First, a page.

Being mindful of one’s feelings may sound like the obscure wishy-washy advice of a Tibetan monk or Jedi knight, but there’s more to the idea of being Mindful than vaguely condescending phrases. In fact, it is a practice and method of thinking that can be extremely helpful in our study, work and domestic lives in helping us to focus more on what is important and dwell less on the things that disturb us.
Mindfulness is generally accepted to be a state of active attention on the present, focussing on one’s feelings, thoughts and emotions in a detached fashion in a compassionate way. This doesn’t mean that one simply sits there and lets life wash over them, rather one actively observes the life, much as one might observe a painting in an art gallery. Spurred on by an article in Lifehacker on mindfulness
Instead of a portrait on a wall, the mindful participant focuses on the ideas entering their head, and also on the world around them. They might focus on the sounds they can hear with their ears or the taste of the food they are eating. Even the sensation of sitting in a chair can if focussed on be part of a mindfulness-based exercise.
Given many peoples stressful lives, it can be easy to adopt a sense of tunnel vision when going through life. We may be so focused on where we have been, or where we are going that we forget to focus on where we now are. In both senses, this causes us to become more stressed. The past has already happened, and the future is yet to happen. All we can influence is the now.
Mindfulness encourages us to move away from dwelling on thoughts outside of the present. That is not to say we ignore those thoughts that bring us worry or concern, only that we recognise them in a detached manner, push them aside and bring our attention back to the present moment.
By providing relief from the troubles of the world, if only temporarily, mindfulness techniques are excellent in combating stress, depression and similar mental conditions and have been recognized by a huge variety of health providers and government agencies for their benefits they provide and is an ideal tool for psychologists, coaches and counsellors alike.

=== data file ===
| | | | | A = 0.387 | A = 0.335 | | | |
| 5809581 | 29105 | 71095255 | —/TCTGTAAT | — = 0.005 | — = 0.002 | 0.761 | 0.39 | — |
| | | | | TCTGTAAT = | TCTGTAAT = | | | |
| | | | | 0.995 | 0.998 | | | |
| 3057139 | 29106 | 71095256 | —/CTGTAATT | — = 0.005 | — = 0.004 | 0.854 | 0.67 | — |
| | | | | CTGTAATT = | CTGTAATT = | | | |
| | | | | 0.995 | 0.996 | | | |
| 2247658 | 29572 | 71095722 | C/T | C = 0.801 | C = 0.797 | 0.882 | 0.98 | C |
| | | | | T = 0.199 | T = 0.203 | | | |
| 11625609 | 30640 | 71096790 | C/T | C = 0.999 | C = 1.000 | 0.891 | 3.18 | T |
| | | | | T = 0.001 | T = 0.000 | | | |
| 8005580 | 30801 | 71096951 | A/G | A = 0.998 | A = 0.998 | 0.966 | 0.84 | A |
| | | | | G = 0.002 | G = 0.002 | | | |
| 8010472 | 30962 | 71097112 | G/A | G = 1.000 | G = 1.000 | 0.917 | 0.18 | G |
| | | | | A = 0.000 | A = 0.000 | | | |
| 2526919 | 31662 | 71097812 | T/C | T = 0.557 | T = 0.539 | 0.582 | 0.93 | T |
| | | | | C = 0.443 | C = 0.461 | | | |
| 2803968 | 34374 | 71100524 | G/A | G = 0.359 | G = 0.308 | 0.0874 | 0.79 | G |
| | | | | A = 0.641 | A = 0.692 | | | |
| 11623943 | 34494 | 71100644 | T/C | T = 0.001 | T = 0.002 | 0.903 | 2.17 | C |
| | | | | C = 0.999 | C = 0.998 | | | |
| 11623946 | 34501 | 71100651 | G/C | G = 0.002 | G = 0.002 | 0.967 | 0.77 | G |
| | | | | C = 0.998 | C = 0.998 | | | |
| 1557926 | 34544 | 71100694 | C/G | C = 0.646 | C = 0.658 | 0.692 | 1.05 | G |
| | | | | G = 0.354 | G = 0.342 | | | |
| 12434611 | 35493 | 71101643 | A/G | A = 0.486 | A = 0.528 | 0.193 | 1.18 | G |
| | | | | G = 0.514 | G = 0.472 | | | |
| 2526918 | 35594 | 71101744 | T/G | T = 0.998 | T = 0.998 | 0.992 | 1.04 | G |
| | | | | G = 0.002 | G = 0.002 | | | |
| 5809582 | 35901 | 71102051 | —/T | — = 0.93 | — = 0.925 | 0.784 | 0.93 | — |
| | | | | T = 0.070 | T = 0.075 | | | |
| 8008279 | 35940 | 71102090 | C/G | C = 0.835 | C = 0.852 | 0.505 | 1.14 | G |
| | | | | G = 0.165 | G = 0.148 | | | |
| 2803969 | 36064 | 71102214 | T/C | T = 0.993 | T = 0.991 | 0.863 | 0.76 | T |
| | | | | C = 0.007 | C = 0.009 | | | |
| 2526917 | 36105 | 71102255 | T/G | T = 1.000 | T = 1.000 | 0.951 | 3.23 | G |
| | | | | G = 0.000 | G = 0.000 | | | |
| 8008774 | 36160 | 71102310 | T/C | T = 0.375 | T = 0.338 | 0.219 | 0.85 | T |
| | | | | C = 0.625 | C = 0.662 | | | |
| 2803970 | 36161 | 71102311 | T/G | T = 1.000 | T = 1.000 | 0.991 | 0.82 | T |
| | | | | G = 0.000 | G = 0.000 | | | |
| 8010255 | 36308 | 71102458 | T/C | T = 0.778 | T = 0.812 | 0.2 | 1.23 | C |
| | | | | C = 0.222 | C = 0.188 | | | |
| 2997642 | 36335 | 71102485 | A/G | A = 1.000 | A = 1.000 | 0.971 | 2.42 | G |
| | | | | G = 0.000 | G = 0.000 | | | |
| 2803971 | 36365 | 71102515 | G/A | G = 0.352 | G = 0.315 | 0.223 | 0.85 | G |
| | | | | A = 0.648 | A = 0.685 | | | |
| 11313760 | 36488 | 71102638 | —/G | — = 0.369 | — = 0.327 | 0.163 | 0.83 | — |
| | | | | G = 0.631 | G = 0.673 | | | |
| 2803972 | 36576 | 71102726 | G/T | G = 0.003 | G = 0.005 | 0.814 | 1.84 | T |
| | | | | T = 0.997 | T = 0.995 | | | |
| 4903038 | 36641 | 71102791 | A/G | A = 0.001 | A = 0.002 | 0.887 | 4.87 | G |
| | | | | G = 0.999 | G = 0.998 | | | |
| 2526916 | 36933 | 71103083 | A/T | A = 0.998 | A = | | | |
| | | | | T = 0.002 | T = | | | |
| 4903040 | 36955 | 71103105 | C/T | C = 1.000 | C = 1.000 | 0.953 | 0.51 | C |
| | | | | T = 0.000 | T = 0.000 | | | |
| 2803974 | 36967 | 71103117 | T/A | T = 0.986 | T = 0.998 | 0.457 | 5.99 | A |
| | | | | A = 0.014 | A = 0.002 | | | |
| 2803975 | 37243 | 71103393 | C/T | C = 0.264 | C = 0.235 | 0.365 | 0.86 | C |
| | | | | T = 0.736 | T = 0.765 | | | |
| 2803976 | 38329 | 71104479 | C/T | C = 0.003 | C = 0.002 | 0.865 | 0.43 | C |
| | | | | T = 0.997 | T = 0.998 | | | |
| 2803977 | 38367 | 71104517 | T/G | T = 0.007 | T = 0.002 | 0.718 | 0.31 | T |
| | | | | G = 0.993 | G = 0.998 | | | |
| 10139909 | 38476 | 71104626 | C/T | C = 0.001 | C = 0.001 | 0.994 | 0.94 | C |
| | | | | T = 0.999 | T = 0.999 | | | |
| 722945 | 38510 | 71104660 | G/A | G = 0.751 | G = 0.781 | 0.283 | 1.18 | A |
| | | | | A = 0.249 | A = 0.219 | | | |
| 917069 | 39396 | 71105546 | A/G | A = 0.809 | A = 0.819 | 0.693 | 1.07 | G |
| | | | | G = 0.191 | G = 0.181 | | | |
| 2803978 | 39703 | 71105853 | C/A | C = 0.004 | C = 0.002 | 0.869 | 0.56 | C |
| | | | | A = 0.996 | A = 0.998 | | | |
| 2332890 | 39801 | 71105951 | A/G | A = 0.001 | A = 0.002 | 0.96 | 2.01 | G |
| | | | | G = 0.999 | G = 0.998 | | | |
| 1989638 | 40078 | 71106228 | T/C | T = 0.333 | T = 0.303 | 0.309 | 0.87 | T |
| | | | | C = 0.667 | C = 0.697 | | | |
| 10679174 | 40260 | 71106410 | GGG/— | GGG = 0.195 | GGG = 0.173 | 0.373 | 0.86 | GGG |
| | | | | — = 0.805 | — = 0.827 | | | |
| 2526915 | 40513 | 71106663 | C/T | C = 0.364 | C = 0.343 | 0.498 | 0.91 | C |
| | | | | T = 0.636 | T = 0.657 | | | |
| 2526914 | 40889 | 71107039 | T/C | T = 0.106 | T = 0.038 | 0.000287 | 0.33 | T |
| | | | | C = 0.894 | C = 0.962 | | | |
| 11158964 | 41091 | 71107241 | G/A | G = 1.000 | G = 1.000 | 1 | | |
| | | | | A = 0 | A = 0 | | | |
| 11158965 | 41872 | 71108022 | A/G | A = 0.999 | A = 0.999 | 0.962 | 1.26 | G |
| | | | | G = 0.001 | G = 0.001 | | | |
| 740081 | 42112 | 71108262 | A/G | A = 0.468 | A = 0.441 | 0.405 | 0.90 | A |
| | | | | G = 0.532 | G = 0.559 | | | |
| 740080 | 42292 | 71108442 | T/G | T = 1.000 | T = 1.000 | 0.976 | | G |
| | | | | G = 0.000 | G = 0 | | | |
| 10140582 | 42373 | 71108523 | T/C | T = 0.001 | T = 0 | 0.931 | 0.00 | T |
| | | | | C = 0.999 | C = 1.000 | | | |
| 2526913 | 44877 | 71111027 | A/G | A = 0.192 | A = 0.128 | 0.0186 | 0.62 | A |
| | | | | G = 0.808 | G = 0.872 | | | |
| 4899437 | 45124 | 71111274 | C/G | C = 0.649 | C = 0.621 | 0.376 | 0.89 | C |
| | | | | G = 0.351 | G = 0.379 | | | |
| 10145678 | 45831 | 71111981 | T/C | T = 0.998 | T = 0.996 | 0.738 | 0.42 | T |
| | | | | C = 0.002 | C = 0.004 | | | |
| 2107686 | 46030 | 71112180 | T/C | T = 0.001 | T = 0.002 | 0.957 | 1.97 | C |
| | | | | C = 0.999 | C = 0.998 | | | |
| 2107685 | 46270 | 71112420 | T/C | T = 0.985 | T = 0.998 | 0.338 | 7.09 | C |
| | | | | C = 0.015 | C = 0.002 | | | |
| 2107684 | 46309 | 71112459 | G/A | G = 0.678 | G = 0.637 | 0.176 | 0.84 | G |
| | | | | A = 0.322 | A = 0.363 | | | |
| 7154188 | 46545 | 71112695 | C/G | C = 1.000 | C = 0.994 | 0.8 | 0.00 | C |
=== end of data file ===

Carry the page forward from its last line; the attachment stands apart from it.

Origins of Mindfulness
The stereotype of the Buddhist monk when mindfulness is discussed nevertheless reflects the origins of mindfulness teaching within Buddhist tradition, although there is evidence to suggest that the practices had earlier origins amongst Hindu practices from before the birth of Buddha.
Mindfulness first made its way into the west via the work of the language scholar, Thomas William Rhys Davids, who translated the Buddhist term in the Pali language of Sati to mean mindfulness. However, there has been some dispute over the accuracy of this translation over the years since, with many scholars dissenting.
In recent decades, scientific studies and approval have led to a greater spread of awareness of the health benefits of the practice with agencies such as the British National Health Service (NHS) advocating for its use in the treatment of disorders such as stress and anxiety.
How to be Mindful
There are entire books and courses devoted to mindfulness teachings, delving into the practice in a depth we couldn’t begin to approach here. However, a basic understanding of mindfulness techniques is easy to grasp and available to anyone prepared to spend a few minutes practising and developing them.
All one needs to do to begin is to set aside some time to focus on living in the now. To observe the world around them as they go for a walk. To focus on the sensations of food as they walk past a restaurant. Even sitting quietly on your chair with your eyes closed focusing on the sensations of breathing is an activity where you can practice mindfulness.
The key is to engage completely with the sensations of whatever activity you are doing. Whether you are looking at the patterns in the bark of a tree or focusing on the experience of water on your hands when doing the washing up, by keeping your attention on the physical sensations you are experiencing, you effectively shut down, temporarily the part of your brain that is focused on the past or future.
When, not if, such thoughts return, the key is to recognize that you are and to gently push them aside. As with all training mental or physical, the more you exercise this the easier it will be to perform on-demand, eventually allowing your mindfulness training to be an invaluable tool in coping with whatever stress life throws at you.
Fancy trying a little mindfulness for yourself? Try looking around and naming the first three red items you see and let us know in the comments!